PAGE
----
Reduced rents, high-end products help Oriental Watch stay in profit
Listed Hong Kong timepiece retailer Oriental Watch Holdings has weathered the multiple crises of the last financial year to record a decrease in turnover of just 3.5 per cent and a profit of US$12.9 million.
While turnover was down to $303.6 million, gross profit was up by 7 per cent to $83.2 million, “mainly due to the group’s positioning at the high-end luxurious watch market where our long-term customers maintain strong purchasing power, as well as our vigorous efforts in control of inventory,” the company said in its results announcement.
The net profit attributable to shareholders of $12.9 million was down by 27.5 per cent, the decline largely due to impairment losses, an increase in allowance for slowing-moving stock and decreasing sales due to Covid-19 in the first quarter of this calendar year. But the company warned the full impact of Covid-19 had not been represented in the 2020 year results.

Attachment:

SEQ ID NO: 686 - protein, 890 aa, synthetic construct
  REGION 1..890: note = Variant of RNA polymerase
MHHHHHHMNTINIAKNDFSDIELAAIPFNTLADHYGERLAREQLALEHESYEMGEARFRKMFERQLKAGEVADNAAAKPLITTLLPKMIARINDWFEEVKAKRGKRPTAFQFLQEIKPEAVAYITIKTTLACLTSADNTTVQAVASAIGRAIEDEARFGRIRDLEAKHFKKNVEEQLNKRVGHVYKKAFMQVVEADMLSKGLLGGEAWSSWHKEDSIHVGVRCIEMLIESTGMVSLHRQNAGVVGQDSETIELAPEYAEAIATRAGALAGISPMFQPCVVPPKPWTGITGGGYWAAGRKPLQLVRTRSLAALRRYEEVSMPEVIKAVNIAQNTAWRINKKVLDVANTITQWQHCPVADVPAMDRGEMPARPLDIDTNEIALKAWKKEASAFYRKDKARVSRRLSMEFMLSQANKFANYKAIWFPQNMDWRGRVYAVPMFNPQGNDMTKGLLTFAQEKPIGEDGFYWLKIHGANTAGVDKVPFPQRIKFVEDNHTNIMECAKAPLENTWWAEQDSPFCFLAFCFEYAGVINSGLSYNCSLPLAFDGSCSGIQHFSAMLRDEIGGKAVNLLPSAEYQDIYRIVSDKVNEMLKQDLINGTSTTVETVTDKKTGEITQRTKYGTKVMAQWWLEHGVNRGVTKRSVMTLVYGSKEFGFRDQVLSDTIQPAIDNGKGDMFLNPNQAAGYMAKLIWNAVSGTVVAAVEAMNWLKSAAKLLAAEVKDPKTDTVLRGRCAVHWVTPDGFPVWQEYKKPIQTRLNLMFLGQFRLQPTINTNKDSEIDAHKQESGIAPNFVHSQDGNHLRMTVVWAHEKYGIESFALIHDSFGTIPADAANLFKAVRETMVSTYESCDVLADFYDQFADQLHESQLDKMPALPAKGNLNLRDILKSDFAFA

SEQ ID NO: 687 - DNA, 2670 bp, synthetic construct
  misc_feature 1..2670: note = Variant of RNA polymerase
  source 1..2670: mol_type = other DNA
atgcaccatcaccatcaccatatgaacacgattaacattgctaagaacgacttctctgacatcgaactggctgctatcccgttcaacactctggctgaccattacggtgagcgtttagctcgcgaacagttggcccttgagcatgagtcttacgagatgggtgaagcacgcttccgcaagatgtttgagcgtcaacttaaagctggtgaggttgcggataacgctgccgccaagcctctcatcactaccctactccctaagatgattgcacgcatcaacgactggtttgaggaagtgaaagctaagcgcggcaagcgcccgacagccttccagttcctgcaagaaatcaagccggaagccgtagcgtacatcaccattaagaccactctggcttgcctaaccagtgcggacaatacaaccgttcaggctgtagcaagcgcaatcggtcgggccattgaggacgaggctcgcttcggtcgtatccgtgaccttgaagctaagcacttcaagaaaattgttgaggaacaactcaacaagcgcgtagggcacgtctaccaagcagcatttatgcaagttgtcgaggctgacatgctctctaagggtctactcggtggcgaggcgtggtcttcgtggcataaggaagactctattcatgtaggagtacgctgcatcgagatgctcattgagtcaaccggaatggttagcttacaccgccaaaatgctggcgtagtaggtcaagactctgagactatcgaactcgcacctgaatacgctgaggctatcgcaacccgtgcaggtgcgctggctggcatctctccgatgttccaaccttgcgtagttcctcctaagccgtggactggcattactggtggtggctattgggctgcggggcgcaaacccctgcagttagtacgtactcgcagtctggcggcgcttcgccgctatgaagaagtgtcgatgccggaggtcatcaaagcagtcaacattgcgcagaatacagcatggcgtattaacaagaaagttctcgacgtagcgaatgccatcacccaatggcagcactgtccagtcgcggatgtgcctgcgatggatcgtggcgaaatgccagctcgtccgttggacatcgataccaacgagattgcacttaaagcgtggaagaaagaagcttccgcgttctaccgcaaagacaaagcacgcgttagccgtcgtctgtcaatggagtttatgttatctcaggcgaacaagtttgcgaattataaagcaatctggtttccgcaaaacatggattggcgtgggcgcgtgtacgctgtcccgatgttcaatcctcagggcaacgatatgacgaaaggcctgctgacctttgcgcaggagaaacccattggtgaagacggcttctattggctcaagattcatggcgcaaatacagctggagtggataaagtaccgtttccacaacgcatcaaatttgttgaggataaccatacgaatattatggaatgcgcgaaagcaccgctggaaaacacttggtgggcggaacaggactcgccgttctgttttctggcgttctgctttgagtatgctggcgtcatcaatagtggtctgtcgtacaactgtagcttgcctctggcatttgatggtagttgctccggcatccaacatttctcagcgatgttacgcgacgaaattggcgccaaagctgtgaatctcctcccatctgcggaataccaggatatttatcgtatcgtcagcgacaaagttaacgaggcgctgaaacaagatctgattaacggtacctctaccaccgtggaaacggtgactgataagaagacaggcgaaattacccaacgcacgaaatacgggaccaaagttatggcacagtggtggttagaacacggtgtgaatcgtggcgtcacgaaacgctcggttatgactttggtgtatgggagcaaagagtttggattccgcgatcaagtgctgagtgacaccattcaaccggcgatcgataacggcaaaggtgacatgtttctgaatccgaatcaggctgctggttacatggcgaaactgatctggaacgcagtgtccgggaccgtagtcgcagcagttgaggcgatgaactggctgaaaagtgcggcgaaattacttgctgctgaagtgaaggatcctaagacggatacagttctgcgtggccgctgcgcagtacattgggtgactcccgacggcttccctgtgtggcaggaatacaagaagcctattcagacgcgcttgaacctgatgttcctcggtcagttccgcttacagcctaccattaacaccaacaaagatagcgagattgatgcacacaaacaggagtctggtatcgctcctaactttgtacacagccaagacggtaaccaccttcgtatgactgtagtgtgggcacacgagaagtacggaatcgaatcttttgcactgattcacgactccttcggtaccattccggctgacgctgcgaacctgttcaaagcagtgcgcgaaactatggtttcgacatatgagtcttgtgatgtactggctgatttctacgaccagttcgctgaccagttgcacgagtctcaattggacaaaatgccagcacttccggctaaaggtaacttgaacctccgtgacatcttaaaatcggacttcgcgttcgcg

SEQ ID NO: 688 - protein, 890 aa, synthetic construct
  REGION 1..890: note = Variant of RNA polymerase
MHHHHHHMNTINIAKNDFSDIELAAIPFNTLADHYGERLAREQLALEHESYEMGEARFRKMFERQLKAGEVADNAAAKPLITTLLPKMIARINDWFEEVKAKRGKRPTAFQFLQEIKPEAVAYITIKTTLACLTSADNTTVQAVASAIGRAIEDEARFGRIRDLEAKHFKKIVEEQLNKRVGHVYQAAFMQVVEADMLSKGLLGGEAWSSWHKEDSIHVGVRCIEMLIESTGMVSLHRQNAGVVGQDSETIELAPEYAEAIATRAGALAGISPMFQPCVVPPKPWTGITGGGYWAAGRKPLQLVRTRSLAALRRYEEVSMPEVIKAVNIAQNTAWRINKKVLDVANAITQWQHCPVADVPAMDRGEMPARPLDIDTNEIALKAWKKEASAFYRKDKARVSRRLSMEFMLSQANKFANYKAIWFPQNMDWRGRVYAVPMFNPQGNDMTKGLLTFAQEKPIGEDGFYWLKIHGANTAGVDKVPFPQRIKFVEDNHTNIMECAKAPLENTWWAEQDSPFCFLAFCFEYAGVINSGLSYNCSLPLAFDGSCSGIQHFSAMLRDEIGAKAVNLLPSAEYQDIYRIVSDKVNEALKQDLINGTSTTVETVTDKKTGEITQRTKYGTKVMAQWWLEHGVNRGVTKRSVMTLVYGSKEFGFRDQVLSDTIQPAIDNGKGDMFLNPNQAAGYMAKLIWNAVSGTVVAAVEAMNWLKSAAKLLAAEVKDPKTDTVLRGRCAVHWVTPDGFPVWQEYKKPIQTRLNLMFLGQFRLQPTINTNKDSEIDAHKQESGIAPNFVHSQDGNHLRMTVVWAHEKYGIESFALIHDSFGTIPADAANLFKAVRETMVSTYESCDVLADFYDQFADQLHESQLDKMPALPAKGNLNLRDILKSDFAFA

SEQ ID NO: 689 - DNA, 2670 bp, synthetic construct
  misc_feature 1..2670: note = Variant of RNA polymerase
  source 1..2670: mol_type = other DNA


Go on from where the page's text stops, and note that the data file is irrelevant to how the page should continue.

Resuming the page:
Chairman Yeung Ming Biu said the company had introduced “stringent cost-control measures, especially in rent costs” which were down by 15.7 per cent to $18.7 million.
“We have successfully negotiated lower rental rates and more flexible leasing terms, and hence lowering the overall rental cost. In addition, we conduct regular assessment on the performance of all retail stores and close down non-performing ones to improve resources allocation. The Group will continue to closely monitor our stores’ performance as well as rental contracts in order to improve our efficiency and cost structure,” said Yeung.
Oriental Watch has 62 luxury watch stores in Greater China, 47 on the mainland, 11 in Hong Kong, three in Taiwan and one in Macau.
By market, Oriental Watch achieved a 17.5-per-cent increase in sales on the mainland to $129.1 million, despite the declining consumer sentiment and the advent of the pandemic. In Hong Kong, year-on-year sales were stable despite the social unrest from June last year until the arrival of Covid-19. As a result, sales fell by 17.3 per cent to $154.6 million.
Sales in Taiwan and Macau grew slightly, but recorded a loss largely due to increased allowance for slow-moving stock.
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